rights: 日本保育学会rights: 本文データは学協会の許諾に基づきCiNiiから複製したものであるrelation: isVersionOf: http://ci.nii.ac.jp/naid/110004799494/The purpose of this study is to clarify children’s sense to understand the concept of quantity in terms of their language and peer-relationships. A specific circumstance in which 3-4 year old children used words related to quantity was recorded and changes of their lives were analyzed. First, the result shows that the interaction between division of viewpoints related to quantity and acquisition of language related to quantity formed the concept of quantity. Second, changes of peer-relationships and their play activities changed necessary viewpoints related to quantity. Third, from the point of relation between language and peerrelationship, expansion of verbal expression helped to share the purpose of their play activities. The purpose of this study is to clarify children’s sense to understand the concept of quantity in terms of their language and peer-relationships. A specific circumstance in which 3-4 year old children used words related to quantity was recorded and changes of their lives were analyzed. First, the result shows that the interaction between division of viewpoints related to quantity and acquisition of language related to quantity formed the concept of quantity. Second, changes of peer-relationships and their play activities changed necessary viewpoints related to quantity. Third, from the point of relation between language and peerrelationship, expansion of verbal expression helped to share the purpose of their play activities.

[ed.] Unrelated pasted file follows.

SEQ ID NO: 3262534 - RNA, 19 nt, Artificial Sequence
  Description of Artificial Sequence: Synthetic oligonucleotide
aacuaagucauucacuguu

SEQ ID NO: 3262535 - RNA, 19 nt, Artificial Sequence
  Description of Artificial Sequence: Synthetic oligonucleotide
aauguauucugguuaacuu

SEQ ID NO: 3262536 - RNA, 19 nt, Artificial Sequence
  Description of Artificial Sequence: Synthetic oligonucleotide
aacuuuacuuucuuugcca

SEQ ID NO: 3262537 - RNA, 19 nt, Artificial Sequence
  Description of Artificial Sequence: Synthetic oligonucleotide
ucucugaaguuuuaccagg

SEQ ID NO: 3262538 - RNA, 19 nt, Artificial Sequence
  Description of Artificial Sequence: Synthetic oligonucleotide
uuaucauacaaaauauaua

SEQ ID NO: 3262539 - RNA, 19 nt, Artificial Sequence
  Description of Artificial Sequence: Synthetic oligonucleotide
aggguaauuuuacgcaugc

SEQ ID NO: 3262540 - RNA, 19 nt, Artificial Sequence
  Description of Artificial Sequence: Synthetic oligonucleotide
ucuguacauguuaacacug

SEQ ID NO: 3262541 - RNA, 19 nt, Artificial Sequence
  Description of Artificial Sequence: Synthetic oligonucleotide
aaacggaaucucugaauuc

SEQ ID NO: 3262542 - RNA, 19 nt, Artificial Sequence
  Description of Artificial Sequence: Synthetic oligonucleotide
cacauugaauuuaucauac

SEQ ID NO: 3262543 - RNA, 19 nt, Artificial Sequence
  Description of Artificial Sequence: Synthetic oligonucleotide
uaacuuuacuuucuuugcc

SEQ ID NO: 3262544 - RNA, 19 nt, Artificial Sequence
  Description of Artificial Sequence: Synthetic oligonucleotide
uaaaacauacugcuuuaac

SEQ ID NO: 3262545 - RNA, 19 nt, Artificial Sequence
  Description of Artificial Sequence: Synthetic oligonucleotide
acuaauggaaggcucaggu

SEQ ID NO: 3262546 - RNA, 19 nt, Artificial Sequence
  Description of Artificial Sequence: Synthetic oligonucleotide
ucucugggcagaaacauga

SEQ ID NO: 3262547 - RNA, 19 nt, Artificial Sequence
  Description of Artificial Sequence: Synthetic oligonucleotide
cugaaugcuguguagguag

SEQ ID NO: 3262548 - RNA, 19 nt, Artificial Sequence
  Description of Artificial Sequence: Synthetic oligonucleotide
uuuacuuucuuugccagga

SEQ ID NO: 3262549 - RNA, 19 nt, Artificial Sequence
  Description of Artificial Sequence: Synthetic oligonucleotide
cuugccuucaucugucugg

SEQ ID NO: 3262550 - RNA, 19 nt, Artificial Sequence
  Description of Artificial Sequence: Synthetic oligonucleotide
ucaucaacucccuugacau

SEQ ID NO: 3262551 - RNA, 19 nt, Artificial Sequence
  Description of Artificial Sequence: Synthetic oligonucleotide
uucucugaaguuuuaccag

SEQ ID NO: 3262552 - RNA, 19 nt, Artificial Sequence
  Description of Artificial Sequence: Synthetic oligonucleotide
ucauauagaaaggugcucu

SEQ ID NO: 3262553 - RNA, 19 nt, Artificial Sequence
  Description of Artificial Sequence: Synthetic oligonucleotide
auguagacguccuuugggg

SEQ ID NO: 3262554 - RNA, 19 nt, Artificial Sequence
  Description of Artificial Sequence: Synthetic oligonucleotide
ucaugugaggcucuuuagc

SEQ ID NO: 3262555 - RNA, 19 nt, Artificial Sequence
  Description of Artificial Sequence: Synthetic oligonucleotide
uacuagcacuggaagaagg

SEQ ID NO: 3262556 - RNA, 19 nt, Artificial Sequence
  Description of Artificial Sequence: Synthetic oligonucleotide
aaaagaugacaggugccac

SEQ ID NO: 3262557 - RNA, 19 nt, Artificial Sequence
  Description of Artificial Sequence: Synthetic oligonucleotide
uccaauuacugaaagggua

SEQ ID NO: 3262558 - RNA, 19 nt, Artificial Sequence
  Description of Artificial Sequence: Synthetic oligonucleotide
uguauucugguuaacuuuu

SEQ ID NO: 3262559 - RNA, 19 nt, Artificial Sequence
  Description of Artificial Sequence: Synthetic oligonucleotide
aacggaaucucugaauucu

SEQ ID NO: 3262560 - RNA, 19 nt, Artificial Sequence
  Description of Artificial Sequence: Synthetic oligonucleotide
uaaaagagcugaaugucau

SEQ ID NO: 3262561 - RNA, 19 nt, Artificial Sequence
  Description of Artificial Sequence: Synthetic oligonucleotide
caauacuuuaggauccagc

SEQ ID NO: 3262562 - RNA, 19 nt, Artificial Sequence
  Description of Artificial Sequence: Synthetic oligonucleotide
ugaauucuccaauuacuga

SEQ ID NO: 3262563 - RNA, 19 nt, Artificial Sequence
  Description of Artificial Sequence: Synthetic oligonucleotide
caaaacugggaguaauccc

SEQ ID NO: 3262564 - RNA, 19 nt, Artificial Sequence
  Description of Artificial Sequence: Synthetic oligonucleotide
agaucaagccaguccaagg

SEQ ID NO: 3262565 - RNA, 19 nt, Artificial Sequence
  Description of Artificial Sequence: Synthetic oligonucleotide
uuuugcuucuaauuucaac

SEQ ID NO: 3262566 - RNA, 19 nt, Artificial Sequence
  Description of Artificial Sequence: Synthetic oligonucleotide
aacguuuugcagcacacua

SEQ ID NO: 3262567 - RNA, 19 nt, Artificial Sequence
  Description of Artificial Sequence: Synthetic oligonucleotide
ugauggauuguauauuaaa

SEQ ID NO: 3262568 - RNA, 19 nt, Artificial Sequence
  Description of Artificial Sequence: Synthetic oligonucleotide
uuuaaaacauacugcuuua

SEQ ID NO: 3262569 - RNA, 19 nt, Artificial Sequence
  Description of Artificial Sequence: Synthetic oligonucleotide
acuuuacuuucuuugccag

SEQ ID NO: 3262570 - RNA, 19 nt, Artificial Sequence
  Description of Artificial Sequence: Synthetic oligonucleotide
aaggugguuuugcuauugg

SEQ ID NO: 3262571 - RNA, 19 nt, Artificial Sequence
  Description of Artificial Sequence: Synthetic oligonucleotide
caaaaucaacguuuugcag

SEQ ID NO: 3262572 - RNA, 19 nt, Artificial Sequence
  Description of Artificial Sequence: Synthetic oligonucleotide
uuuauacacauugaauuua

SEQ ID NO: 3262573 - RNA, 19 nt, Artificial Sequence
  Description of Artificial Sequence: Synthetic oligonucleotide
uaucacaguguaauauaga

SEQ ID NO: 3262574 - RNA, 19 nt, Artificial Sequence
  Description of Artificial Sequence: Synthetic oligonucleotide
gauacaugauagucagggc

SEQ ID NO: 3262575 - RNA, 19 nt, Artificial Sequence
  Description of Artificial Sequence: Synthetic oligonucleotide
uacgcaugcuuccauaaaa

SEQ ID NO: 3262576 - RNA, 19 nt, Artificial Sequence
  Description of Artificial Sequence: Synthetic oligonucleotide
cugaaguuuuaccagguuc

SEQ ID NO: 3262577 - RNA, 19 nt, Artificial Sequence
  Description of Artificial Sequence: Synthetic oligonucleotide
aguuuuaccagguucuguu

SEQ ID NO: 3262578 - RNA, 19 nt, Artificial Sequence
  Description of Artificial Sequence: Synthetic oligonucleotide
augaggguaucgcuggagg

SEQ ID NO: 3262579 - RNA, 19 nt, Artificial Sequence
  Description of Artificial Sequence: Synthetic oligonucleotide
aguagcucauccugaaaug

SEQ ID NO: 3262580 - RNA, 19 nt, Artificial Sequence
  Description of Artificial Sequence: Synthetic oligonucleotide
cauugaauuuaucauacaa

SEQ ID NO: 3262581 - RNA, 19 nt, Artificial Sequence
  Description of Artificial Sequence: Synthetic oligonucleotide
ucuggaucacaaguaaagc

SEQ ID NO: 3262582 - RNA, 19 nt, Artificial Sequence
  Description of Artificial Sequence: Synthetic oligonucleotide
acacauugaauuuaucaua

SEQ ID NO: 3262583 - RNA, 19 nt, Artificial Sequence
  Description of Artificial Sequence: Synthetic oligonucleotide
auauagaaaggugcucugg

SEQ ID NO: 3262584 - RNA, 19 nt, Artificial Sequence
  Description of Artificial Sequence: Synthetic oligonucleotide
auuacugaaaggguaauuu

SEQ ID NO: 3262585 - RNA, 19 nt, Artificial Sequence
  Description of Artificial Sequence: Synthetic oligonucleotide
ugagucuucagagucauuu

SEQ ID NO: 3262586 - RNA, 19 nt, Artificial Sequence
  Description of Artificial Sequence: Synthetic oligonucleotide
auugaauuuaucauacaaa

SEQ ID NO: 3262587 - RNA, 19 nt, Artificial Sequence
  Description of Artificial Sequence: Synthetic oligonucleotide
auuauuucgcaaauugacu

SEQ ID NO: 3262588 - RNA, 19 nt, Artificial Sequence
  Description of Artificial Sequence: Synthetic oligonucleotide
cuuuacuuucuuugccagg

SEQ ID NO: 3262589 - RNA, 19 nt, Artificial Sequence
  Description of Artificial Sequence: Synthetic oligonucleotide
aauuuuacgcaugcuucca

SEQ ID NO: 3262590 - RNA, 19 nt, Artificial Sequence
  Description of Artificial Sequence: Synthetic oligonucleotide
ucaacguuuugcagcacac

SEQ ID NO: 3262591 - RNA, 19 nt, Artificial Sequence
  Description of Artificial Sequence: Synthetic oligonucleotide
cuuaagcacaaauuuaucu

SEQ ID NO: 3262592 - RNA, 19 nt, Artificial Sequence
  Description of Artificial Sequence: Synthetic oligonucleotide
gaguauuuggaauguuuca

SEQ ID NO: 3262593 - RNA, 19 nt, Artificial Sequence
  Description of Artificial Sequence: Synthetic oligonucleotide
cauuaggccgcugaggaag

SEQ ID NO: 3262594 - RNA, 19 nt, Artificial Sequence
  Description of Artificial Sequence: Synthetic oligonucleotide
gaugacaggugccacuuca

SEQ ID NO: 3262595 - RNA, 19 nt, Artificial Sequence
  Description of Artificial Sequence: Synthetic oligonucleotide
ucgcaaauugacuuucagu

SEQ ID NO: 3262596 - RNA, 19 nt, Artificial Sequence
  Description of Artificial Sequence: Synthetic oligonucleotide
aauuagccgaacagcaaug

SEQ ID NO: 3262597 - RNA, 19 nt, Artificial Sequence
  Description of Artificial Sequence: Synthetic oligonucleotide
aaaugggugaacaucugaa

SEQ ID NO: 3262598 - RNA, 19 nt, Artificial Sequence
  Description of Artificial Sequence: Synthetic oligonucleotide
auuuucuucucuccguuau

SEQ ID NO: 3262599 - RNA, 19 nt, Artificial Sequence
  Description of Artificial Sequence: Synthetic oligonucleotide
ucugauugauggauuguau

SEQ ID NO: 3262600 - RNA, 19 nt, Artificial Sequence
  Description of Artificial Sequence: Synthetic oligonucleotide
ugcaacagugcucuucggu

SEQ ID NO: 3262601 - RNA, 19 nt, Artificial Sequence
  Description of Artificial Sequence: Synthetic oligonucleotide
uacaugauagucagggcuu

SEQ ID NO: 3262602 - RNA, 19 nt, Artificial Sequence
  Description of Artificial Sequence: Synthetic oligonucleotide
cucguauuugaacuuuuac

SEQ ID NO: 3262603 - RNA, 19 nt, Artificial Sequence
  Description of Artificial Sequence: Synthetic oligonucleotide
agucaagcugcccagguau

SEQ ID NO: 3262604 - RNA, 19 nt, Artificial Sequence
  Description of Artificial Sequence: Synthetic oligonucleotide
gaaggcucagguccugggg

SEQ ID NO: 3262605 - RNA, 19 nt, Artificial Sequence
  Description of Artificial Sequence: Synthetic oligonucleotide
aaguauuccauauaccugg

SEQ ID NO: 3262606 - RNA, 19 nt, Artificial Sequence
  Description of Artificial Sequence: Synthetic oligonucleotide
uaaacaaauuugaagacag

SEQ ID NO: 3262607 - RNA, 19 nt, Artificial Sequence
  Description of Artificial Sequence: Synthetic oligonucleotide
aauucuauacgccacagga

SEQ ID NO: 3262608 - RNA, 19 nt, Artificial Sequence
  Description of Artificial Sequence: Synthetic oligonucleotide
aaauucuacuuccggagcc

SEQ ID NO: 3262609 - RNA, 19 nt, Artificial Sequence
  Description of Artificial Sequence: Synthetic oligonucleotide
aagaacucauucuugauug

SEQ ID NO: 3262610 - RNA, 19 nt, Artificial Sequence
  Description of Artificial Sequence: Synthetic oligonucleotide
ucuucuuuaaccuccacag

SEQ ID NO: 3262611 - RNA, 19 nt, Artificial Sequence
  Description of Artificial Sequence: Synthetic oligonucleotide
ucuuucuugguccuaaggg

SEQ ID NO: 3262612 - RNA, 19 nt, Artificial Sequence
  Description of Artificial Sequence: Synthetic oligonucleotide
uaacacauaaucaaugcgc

Keywords: children’s sense to understand the concept of quantity, language, peer relationship
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Nanakida Atsushi. The Early Childhood Education Reforms in New Zealand : From the Integration with Education and Care to Construction of the National Curriculum.
Research on Early Childhood Care and Education in Japan, 2005, 43(2), 214-222.

This research examines how the reforms in 1986-1996 were carried out under the rhetoric of increasing equity and quality within the early childhood education in New Zealand. It is evident that the role of government in early childhood policy issues is becoming more intrusive and prescriptive. There is a delicate balance of this being a good or bad thing for early childhood. It is necessary to uphold and protect this intrusion for early childhood philosophy and supports, so that the researchers encourage quality programs. Te Whariki, or “National Early Childhood Curriculum,” is co-opted for political or pedagogical reasons outside of the current needs of early childhood education.